Towards the end of 'Saturn' and in part of 'Uranus' there is an incredibly low Organ Pedal sound - much lower than most bass guitars - which shakes my flat, if I turn up the volume!! ;)
     
  6. HeavyDuty

    HeavyDuty Supporting Curmudgeon Staff Member Gold Supporting Member

    Jun 26, 2000
    Suburban Chicago, IL
  7. alexclaber

    alexclaber Commercial User

    Jun 19, 2001
    Brighton, UK
    Director - Barefaced Ltd
    Digital is definitely better for LF extension - with analogue magnetic recordings the bass extension is limited because as the frequency gets lower the rate of change of flux becomes smaller and smaller and thus is more difficult both to put onto tape and read off tape.

    With records, the bass extension is limited because the lower the note, the greater the amplitude needed for a constant power let alone constant loudness, hence the excursion of the stylus has to become so large that higher frequencies get doppler shifted and the length of music that will fit on an LP gets shorter and shorter.

    So, I'd assume these low bass players would record on 24bit digital systems - my concern is how they balance the volume and tone of these lowest notes, because even if the system can record down to 20Hz, the speakers on which the music is played back (particularly on cheap non-separates systems) will not go that low.

    Bruce, what are your hi-fi speakers? Do you think you're really hearing the fundamental and lowest harmonics of low notes, or do you think that your ear is assuming that those frequencies are there by extrapolating the harmonic series downwards?

    Alex
     
  8. Bruce Lindfield

    Bruce Lindfield Unprofessional TalkBass Contributor Gold Supporting Member

    I have big Tannoy speakers which are very much like Studio Monitor speakers - very bassy.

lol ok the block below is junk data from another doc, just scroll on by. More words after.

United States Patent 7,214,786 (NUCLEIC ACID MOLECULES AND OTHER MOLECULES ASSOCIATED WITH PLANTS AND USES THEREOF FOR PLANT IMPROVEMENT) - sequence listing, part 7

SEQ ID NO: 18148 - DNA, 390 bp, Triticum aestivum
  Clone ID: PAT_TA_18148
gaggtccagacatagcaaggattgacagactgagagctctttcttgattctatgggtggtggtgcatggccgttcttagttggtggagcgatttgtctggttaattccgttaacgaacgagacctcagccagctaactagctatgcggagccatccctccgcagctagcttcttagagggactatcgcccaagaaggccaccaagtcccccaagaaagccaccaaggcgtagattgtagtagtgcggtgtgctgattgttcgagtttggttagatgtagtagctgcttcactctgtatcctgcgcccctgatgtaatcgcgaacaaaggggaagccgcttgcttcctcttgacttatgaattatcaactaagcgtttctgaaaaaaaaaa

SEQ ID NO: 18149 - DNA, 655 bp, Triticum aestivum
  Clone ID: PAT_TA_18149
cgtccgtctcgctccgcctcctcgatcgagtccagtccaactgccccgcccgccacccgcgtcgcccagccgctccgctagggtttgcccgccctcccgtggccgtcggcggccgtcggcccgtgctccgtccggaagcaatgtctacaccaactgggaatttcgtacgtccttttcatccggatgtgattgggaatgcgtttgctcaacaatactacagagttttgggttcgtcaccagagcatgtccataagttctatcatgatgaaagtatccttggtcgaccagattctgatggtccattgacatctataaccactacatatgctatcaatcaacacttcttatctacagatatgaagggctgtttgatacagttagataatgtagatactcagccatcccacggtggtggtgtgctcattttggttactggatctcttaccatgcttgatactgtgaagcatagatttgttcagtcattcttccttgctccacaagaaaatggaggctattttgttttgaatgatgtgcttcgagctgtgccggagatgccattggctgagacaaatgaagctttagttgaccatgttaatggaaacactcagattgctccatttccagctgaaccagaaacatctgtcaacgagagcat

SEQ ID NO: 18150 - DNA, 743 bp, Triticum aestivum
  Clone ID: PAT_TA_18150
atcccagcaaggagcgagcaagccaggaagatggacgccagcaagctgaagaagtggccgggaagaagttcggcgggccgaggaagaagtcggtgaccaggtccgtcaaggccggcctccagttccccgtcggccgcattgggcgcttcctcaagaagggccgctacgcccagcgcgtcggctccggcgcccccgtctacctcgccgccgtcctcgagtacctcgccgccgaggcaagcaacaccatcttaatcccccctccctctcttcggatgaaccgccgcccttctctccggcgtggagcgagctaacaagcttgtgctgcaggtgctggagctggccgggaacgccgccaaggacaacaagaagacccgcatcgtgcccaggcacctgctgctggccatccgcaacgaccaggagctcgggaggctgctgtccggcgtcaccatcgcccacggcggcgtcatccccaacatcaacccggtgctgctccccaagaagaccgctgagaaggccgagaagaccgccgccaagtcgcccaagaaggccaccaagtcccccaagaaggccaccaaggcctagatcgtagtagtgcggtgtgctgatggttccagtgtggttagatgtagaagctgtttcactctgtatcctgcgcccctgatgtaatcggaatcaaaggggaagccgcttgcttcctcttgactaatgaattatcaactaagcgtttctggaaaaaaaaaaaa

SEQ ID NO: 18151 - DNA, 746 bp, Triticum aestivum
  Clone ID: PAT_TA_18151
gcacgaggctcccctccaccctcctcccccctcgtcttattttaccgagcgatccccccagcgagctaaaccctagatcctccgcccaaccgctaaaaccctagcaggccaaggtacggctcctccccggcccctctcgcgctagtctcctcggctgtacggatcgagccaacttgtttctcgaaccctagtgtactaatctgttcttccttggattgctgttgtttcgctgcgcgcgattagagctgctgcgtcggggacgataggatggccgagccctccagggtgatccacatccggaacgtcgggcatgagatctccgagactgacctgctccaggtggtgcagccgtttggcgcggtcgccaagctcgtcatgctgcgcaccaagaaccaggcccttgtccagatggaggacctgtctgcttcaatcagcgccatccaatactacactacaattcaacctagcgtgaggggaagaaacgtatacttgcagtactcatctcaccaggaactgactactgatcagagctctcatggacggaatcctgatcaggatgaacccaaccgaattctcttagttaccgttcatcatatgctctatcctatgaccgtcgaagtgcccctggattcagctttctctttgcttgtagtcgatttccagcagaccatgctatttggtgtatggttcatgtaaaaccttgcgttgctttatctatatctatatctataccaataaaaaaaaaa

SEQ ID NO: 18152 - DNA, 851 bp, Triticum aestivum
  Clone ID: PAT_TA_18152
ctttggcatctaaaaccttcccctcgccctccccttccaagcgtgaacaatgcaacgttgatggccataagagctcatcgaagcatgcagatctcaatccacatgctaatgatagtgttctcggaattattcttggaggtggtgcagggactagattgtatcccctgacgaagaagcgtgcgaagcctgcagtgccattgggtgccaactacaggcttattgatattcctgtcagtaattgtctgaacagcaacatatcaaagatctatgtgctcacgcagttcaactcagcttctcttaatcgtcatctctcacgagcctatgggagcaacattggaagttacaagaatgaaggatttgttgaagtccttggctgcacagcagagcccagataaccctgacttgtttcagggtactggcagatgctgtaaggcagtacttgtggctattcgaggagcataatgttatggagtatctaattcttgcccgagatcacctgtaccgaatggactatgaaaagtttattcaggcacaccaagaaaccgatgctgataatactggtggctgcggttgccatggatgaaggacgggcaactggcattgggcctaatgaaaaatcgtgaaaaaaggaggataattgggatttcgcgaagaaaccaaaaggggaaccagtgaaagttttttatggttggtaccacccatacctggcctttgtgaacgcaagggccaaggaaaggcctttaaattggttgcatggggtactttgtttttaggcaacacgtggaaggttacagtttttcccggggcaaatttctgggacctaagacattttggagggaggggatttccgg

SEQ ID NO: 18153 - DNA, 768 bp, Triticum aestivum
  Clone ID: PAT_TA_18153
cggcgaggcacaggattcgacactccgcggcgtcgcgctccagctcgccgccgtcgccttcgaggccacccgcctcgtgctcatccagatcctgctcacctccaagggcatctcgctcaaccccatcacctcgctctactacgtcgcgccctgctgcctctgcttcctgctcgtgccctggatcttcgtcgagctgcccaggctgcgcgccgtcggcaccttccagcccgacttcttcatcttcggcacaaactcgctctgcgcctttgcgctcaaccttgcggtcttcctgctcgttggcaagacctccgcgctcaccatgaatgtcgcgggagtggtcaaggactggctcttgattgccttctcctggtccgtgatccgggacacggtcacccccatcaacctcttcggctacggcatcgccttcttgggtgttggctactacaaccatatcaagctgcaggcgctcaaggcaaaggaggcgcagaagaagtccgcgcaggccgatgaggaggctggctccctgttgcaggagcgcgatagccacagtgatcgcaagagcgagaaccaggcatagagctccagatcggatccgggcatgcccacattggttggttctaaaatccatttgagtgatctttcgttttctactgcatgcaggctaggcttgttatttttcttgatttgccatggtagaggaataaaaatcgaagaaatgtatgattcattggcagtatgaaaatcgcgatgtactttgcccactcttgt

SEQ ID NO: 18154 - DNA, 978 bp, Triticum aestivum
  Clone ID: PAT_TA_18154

The organ pedal notes which I was talking about are more felt through the floor and literally vibrate the walls and floor - it's not my ear making assumptions, but rather my feet feeling the fundamental!! ;)
     
  9. wulf

    wulf

    Apr 11, 2002
    Oxford, UK
    Out of interest, Bruce, how does that recording of 'The Planets' sound on headphones. You won't get rumble underfoot but does it still sound as awesome?

    Wulf

    (who resisted all jokes about subsonic rumblings near Uranus... whoops :eek: )
     
  10. Bruce Lindfield

    Bruce Lindfield Unprofessional TalkBass Contributor Gold Supporting Member

    Hmmm ...interesting - never thought about that as I don't like hearing classical music on headphones - sounds un-natural to me, completely unlike the concert hall.

    So I just tried listening to a few snippets on a Sennheiser pair and a Sony pair that says "Digital Reference".

    So, it still does sound awesome, but I am not sure if I am hearing the same thing - maybe in this case my ears are being fooled by an acoustic trick. I don't like the way that on headphones it sounds like it's inside your head and not somewhere in front of you like at a concert hall - but in this case when the low organ pedal notes sound - it sounds like the sound is coming from all around you - inside and outside your head! :confused:
     
  11. moley

    moley

    Sep 5, 2002
    Hampshire, UK
    Ahh, I'd be interested to know what model Sennheiser's you're using Bruce - and what you think of them?